Phototherapy is a widely used treatment of neonatal hyperbilirubinemia. The American Academy of Pediatrics (AAP) provides guidelines for when to start phototherapy, but little guidance is available for when to discontinue phototherapy, write Dr. Pearl Chang of Seattle Children's Hospital in Washington and colleagues Phototherapy will be stopped when the bilirubin level falls to a safe level, which usually takes a day or two. Phototherapy is generally very effective for newborn jaundice and has few side effects, although your baby may develop a temporary rash and diarrhoea Hyperbilirubinemia, excess bilirubin in the blood, is an extremely common problem occurring during the newborn period. Because the bilirubin has a color, it turns babies' shin and eyes yellow (jaundice). The cause of the jaundice is quite varied; although most causes are benign, each case must be investigated to rule out an etiology with significant morbidity Although jaundice passes on its own in most cases, sometimes it must be treated to avoid serious complications. How and why is phototherapy the main type of treatment

Phototherapy for Jaundice Jaundice in infants, characterized by yellowish discoloration of eyes and skin, is a consequence of excess bilirubin in the blood- a break down product of red blood cells. It is a common occurrence in pre-term (babies born before 38 weeks of gestation) and breast-fed babies Phototherapy: A simple and safe treatment for Neonatal Jaundice. Jaundice is a common finding in premature and full term newborns. Phototherapy has been widely used in the management of Neonatal unconjugated Hyperbilirubinemia for over five decades. Phototherapy devices include Fluorescent, Halogen, Fiberoptic or Light-Emitting Diode light sources

This information explains the advice about jaundice in newborn babies that is set out in NICE guideline CG98. The information about tests to recognise jaundice in newborn babies, when to start treatment and using phototherapy treatment was updated in 2016. This information can be found in the sections ontesting for jaundiceandtreating jaundice The decision to start phototherapy is based on the level and rate of rise of serum bilirubin, the Document the dosage e.g. 15 m W/cm 2/nm when the infant is commenced on phototherapy on the orange Neonatal Jaundice chart next to the date and time of commencement. Aim for an irradiance of >12 W/cmm 2/n A Brief History of Neonatal Jaundice William Cashore, MD The authors of late 19 th Century pediatric texts recognized Icterus neonatorum as a com-mon finding in newborns. This condition was generally benign and self-limited. Since most newborns at the time were breast-fed, comparisons of the frequency of jaundice in breast and formula-fed. Abstract Neonatal phototherapy (NNPT), a noninvasive, easily available therapy, has been widely used for the treatment of neonatal jaundice for more than half a century. Its efficiency in decreasing plasma bilirubin concentration is well documented, and NNPT leads to greatly reduced exchange transfusion rates for neonates with hyperbilirubine-mia Home phototherapy for appropriate term or near-term babies is common, yet few studies have examined relevant outcomes. These researchers retrospectively evaluated outcomes in 1324 neonates born at ≥35 weeks gestation who began home phototherapy within 14 days of birth. A single commercial service provided home therapy and nurses visited daily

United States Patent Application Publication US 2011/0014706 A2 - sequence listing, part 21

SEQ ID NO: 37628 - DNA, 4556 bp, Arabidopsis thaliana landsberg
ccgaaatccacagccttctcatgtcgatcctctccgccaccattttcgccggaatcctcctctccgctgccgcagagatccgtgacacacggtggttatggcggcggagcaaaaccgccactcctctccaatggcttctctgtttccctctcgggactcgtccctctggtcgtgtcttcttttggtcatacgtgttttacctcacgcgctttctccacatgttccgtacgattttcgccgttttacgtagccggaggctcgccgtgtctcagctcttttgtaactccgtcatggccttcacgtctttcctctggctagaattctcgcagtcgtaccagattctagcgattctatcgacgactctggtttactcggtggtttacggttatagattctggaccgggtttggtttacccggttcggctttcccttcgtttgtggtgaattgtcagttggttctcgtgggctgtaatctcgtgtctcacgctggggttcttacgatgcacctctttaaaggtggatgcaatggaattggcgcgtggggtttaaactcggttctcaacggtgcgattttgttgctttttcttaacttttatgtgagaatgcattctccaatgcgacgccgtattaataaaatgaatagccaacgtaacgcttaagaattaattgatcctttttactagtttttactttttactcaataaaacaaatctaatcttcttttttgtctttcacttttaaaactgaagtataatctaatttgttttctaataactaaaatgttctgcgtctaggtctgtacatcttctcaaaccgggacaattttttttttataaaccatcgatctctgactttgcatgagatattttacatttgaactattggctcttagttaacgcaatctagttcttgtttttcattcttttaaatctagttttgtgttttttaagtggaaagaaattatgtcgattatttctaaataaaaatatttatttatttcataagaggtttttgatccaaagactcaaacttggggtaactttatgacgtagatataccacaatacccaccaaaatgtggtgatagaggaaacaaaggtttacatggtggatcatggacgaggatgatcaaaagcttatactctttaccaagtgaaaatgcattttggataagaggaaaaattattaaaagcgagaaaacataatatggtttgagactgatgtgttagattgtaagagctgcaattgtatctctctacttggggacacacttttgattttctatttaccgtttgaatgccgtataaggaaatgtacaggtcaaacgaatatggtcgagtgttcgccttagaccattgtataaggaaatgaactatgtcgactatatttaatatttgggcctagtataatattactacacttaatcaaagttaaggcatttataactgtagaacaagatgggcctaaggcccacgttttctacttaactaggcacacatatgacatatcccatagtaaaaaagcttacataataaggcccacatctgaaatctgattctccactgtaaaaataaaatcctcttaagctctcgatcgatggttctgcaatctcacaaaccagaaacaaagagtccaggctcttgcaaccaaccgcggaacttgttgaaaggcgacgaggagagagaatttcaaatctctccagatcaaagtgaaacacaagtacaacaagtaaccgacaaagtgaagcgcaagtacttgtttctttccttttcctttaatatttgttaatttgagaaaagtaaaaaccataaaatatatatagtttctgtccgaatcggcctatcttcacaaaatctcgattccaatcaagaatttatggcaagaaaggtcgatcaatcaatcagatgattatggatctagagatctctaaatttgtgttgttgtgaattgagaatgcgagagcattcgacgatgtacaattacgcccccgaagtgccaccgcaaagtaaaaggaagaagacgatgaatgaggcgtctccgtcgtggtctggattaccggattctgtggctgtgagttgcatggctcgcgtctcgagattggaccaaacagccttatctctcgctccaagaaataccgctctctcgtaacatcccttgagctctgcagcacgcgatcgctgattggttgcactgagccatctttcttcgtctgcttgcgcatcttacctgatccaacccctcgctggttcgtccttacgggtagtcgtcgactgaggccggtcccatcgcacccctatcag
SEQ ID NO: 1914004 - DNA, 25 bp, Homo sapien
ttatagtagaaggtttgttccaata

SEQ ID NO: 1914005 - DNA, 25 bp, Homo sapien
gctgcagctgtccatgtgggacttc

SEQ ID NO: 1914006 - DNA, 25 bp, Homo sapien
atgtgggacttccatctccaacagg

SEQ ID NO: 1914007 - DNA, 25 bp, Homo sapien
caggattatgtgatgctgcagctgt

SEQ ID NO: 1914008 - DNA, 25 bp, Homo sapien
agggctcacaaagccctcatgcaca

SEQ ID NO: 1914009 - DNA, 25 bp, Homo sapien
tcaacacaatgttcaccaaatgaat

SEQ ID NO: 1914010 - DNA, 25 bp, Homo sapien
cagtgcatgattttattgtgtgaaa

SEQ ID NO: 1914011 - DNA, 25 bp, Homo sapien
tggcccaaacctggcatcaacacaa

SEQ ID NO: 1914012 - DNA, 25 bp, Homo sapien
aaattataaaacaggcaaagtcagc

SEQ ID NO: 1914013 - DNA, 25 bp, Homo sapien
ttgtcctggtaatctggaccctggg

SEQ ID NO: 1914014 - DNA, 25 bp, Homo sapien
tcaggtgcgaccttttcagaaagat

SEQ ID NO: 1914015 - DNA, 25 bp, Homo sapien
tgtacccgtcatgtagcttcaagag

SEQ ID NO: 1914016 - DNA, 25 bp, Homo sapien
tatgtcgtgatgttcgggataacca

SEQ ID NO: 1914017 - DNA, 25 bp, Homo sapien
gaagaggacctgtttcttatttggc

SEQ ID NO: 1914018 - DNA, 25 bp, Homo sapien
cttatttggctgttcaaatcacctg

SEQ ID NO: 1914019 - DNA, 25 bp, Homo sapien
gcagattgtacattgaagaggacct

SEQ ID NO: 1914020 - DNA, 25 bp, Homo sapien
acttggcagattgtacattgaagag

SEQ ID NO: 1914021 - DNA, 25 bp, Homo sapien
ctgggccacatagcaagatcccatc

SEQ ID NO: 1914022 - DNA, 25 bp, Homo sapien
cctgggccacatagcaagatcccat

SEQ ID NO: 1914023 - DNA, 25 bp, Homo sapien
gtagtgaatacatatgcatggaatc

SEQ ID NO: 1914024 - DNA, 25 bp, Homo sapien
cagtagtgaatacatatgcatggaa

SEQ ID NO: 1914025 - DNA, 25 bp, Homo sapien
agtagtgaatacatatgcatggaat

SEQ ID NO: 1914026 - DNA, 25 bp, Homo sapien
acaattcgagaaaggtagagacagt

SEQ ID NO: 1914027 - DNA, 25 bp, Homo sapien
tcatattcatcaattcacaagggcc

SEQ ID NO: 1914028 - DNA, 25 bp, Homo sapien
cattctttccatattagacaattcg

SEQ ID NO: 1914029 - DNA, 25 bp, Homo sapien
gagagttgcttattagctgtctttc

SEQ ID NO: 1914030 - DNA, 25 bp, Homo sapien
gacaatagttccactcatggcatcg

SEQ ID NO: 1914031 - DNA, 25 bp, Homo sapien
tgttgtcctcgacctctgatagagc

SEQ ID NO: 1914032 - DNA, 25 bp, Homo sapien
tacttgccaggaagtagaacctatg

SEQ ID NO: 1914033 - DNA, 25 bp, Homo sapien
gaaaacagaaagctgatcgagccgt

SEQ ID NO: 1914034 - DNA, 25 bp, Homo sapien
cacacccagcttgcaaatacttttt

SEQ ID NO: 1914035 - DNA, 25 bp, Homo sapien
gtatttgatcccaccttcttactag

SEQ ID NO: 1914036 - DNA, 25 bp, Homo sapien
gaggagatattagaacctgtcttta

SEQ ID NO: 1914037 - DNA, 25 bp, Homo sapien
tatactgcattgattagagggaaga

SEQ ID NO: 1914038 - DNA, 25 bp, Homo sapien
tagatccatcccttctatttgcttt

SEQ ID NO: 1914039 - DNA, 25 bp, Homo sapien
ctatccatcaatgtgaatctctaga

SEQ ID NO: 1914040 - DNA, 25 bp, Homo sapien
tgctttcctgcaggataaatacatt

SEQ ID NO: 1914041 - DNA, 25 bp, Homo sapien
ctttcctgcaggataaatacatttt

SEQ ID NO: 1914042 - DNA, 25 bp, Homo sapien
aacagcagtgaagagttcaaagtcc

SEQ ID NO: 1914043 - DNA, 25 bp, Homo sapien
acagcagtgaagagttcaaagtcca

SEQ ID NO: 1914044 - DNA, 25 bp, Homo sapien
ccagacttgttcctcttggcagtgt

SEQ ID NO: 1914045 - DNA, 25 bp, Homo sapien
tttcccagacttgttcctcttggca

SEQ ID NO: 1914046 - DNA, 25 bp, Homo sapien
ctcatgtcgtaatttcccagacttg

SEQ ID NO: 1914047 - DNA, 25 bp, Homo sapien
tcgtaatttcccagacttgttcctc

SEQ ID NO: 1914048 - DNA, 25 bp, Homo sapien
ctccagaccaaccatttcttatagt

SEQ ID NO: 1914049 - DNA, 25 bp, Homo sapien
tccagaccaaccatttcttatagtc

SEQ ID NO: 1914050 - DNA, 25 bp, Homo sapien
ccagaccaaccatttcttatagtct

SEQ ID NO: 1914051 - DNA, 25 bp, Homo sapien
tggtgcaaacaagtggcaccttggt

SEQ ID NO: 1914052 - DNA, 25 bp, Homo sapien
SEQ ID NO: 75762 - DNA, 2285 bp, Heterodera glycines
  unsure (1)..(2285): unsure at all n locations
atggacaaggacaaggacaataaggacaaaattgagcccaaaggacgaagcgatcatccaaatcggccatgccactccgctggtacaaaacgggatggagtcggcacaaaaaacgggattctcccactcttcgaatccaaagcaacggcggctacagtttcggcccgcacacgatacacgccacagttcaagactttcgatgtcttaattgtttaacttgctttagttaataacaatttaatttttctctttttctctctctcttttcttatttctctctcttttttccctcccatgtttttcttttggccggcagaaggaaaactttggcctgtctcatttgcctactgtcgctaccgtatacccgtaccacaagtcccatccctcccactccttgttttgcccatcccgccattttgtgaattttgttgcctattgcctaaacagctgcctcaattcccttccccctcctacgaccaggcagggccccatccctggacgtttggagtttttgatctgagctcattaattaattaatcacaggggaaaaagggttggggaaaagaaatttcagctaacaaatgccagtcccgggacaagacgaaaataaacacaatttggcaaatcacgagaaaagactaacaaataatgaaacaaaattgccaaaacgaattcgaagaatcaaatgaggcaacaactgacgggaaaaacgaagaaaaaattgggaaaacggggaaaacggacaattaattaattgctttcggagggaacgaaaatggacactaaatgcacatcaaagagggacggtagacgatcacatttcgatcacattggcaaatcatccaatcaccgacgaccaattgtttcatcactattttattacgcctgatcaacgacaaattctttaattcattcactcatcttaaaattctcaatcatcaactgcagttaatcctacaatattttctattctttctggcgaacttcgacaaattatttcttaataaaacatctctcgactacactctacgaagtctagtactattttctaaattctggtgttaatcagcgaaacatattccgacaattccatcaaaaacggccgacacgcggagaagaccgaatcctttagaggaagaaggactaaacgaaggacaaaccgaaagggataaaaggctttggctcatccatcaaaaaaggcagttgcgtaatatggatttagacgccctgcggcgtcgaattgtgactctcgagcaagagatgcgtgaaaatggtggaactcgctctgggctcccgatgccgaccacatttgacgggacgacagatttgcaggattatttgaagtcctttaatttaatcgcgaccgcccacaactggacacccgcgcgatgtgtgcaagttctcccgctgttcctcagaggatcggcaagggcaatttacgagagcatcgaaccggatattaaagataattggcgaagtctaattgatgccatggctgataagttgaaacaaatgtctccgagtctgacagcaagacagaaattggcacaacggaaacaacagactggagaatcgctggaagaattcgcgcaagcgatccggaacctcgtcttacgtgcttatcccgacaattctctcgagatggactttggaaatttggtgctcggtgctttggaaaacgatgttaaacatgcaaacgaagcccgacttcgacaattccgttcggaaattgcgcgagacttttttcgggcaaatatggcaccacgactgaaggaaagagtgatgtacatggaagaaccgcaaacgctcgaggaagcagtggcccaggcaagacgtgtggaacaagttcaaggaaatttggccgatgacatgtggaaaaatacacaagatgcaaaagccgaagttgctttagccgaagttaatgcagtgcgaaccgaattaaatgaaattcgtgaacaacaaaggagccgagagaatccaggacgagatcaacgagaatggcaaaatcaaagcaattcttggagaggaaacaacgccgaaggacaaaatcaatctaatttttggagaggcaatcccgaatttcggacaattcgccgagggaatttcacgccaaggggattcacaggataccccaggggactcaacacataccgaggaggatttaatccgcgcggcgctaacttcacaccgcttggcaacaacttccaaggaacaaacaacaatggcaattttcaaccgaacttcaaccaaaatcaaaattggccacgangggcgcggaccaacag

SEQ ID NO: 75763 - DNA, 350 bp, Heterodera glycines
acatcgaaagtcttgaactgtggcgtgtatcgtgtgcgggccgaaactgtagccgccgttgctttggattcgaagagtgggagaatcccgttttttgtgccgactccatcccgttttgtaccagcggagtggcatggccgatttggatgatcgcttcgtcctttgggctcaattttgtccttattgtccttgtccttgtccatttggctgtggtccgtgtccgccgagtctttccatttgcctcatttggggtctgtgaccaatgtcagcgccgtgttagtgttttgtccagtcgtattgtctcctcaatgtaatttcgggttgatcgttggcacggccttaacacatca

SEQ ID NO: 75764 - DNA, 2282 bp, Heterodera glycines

Clinical Guidelines (Nursing) : Phototherapy for neonatal

therapy after discharge.5-7 These data do not include the use of home phototherapy, which is prevalent in some regions.8,9 In some hospitals and in other countries,10 phototherapy is used more frequently. Phototherapy for Neonatal Jaundice M. Jeffrey Maisels, M.B., B.Ch., and Antony F. McDonagh, Ph.D. From the Department of Pediatrics, Wil Phototherapy to prevent severe neonatal hyperbilirubinemia in the newborn infant 35 or more weeks of gestation. Pediatrics. 2011;128:e1046-52. PubMed Google Schola

Phototherapy for Newborn Jaundice - Explanations for

Jaundice is a yellow discoloration of the skin and eyes caused by hyperbilirubinemia (elevated serum bilirubin concentration). The serum bilirubin level required to cause jaundice varies with skin tone and body region, but jaundice usually becomes visible on the sclera at a level of 2 to 3 mg/dL (34 to 51 micromol/L) and on the face at about 4 to 5 mg/dL (68 to 86 micromol/L) Intensive phototherapy should be initiated when the TSB level exceeds the threshold in the AAP phototherapy nomogram, based on age and risk factors. Intensive phototherapy is: irradiance in the blue-green spectrum of 430 to 490 nm with at least 30 microwatts/cm2/nm, Delivered to as much of the infant's surface area as possible

Phototherapy is a light treatment that can treat newborn jaundice. It is the process of using light to eliminate the bilirubin in the blood. Phototherapy can be done at home but if jaundice in the newborn is severe, then they would require phototherapy in the hospital Start phototherapy ; Optimize feeding (as above) If there is suspicion for hemolysis or other underlying causes of hyperbilirubinemia (G6PD, sepsis, etc), it is appropriate to start phototherapy at the threshold for newborns with neurotoxicity risk factors and proceed with an appropriate work up for those causes Light Therapy for Neonatal Jaundice. Light therapy, also called phototherapy, exposes infants with jaundice, a yellowing of the skin and eyes, to artificial or natural light to break down the buildup of bilirubin pigment in the blood. Bilirubin is an orange to red pigment produced when red blood cells break down, which causes infants to turn. Hyperbilirubinemia happens when there is too much bilirubin in your baby's blood. About 60% of full-term newborns and 80% of premature babies get jaundice. The most common symptom is yellowing of your baby's skin and the whites of their eyes. The timing of when your child's jaundice first starts matters Tan KL: Neonatal jaundice in “healthy†very low birth weight infants. Aust Paediatr J 23:185, 1987 31. Tan KL: The pattern of bilirubin response to phototherapy for neonatal hyperbilirubinemia. Pediatr Res 16:670, 1982 32. Tan KL: Phototherapy for neonatal hyperbilirubinemia in “healthy†and “ill†infants